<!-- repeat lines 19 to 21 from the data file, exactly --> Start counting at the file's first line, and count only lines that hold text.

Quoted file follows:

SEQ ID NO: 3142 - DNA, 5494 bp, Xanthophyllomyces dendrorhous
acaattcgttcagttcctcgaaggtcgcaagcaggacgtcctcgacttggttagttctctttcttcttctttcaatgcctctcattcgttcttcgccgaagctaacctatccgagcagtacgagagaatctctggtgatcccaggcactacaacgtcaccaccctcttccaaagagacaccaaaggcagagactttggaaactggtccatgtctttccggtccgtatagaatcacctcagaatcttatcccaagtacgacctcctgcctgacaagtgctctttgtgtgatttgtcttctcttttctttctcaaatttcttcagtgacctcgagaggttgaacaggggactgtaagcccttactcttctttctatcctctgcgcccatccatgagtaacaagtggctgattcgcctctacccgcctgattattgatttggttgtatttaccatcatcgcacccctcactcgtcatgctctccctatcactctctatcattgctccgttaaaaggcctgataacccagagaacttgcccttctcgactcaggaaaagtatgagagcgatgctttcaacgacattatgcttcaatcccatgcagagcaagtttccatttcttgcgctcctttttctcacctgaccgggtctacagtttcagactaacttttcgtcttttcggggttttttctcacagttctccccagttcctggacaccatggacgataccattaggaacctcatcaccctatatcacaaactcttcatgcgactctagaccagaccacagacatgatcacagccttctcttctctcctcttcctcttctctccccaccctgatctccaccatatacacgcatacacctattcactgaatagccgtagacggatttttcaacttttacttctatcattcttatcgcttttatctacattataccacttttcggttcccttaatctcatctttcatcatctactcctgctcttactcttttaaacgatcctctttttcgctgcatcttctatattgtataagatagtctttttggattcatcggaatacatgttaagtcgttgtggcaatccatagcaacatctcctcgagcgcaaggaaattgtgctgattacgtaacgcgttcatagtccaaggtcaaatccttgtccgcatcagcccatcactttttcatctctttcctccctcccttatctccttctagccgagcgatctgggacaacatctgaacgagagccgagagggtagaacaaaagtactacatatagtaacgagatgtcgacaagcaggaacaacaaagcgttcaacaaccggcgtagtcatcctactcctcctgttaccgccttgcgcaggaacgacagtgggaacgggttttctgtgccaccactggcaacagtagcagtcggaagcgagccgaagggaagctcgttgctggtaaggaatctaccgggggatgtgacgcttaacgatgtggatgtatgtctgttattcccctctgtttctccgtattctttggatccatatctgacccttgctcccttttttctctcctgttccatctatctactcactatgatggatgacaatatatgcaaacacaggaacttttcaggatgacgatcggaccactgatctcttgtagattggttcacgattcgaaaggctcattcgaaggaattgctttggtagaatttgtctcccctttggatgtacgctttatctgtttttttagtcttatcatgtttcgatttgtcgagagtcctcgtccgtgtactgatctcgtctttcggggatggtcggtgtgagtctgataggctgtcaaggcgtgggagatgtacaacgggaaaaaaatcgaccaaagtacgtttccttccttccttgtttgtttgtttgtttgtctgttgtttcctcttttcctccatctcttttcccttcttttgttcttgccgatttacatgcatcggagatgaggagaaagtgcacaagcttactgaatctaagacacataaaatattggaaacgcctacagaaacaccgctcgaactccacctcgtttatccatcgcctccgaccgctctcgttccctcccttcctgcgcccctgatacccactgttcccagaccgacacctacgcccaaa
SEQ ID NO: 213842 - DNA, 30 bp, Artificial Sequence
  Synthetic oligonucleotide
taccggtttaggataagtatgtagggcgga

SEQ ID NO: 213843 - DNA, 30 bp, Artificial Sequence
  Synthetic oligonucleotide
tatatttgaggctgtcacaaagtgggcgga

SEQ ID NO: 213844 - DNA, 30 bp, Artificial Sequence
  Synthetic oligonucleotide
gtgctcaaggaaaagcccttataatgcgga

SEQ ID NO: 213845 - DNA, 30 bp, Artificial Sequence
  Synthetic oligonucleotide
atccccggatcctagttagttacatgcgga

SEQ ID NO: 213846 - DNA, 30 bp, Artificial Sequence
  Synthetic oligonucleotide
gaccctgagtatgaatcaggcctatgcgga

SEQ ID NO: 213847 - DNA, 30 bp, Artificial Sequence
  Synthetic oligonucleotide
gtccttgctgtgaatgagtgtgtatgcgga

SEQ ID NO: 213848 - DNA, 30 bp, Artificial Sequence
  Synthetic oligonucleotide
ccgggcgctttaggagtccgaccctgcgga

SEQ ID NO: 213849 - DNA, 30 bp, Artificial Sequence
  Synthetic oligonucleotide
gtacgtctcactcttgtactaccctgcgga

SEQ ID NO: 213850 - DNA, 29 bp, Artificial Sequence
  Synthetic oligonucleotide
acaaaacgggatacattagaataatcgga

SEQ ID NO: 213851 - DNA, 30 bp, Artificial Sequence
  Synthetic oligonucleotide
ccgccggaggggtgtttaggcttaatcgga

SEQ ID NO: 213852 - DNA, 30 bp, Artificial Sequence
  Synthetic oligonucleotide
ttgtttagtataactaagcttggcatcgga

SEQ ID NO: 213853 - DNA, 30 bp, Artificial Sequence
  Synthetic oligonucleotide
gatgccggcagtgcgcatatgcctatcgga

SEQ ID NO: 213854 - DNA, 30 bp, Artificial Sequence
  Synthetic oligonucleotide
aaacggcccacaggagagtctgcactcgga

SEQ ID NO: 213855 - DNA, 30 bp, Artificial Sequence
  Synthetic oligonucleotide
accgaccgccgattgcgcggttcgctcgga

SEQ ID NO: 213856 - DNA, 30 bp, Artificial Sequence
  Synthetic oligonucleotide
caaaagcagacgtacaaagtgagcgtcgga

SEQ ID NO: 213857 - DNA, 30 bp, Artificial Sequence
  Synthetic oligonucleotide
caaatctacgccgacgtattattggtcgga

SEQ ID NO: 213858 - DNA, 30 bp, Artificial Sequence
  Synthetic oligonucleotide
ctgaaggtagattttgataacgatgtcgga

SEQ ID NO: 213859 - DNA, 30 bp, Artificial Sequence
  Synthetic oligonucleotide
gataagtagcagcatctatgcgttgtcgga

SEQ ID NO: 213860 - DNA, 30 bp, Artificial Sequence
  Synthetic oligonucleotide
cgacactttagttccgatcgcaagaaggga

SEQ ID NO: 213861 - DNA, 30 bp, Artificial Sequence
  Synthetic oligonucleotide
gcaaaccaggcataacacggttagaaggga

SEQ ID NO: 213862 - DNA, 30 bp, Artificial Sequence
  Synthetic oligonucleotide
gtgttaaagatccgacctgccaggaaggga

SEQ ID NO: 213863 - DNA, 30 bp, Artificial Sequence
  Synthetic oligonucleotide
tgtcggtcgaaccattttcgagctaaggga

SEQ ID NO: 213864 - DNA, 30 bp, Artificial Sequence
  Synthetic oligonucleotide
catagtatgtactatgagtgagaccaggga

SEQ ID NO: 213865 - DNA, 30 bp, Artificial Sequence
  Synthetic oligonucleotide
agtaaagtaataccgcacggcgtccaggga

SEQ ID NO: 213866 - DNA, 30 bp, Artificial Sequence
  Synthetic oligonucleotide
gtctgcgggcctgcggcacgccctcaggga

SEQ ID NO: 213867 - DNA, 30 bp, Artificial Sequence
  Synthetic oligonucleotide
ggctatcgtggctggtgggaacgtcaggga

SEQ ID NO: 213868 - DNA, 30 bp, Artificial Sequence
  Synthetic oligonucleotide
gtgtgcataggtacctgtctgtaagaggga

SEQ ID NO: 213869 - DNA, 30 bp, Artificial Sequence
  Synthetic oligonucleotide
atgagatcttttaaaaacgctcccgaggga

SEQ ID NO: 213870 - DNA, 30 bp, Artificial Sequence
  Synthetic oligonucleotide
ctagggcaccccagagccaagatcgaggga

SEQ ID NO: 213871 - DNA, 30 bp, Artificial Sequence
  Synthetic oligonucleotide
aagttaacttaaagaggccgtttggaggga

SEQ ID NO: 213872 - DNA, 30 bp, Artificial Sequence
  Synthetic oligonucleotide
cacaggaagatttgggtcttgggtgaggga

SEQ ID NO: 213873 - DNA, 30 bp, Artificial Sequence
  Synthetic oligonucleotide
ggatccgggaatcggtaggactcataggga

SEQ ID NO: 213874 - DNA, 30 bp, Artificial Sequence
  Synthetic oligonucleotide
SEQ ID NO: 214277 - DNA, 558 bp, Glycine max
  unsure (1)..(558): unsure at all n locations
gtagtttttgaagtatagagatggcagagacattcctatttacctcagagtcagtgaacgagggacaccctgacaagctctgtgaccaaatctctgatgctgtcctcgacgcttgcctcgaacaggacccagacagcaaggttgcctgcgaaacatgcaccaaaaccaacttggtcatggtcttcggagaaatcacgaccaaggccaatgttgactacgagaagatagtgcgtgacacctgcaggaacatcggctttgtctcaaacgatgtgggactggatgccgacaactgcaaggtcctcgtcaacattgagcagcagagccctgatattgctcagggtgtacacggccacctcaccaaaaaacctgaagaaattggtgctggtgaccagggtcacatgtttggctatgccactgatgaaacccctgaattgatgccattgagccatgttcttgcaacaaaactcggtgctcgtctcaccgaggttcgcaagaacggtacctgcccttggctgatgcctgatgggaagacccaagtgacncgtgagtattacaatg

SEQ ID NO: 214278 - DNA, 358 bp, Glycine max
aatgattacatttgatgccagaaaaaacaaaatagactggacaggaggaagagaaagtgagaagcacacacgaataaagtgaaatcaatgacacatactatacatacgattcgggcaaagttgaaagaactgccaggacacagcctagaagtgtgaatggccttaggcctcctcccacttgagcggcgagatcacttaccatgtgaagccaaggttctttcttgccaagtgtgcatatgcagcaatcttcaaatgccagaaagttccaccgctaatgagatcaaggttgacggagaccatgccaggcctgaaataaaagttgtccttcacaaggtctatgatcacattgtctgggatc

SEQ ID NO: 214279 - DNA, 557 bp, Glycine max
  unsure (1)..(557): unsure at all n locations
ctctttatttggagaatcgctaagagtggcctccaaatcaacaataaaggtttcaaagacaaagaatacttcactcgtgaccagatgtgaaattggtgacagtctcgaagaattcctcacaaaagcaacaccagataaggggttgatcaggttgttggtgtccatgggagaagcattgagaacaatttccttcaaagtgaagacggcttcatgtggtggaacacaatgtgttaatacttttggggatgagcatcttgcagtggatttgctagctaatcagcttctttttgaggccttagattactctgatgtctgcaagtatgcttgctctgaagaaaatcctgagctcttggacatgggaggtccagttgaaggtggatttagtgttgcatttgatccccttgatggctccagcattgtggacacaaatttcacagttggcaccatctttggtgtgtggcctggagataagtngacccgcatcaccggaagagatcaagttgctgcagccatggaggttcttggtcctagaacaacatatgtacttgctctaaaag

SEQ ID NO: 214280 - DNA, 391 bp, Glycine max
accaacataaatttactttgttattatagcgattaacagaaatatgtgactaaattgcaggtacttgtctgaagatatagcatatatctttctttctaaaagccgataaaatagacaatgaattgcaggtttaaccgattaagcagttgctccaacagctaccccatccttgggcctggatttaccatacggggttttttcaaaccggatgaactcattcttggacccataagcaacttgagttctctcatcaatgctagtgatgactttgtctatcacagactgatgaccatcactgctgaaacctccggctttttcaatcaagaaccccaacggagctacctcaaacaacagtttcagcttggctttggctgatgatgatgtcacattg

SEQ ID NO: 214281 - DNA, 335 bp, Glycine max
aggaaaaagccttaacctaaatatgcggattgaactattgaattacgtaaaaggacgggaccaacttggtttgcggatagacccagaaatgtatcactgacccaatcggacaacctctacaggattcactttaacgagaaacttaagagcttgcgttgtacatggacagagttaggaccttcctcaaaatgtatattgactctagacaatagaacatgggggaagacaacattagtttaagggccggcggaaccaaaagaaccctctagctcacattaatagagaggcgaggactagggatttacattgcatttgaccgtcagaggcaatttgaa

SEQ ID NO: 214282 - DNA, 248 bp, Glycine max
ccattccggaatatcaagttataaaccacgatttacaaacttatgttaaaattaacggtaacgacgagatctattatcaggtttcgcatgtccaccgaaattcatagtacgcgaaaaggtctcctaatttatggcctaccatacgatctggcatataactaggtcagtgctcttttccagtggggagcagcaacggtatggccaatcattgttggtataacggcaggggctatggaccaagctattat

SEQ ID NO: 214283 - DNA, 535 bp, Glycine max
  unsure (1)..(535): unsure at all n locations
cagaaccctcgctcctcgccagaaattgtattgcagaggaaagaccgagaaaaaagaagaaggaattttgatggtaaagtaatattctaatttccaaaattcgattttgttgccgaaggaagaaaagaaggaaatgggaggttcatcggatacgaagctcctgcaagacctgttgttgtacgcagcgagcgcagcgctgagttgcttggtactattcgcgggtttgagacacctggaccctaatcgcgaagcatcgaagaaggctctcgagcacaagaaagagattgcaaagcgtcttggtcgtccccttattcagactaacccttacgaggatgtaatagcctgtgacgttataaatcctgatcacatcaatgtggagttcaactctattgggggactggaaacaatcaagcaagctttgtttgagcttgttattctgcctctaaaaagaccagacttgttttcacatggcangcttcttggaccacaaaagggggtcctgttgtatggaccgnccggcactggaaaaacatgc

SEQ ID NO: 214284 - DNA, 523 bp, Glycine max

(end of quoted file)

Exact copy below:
  Synthetic oligonucleotide
gtccttgctgtgaatgagtgtgtatgcgga

SEQ ID NO: 213848 - DNA, 30 bp, Artificial Sequence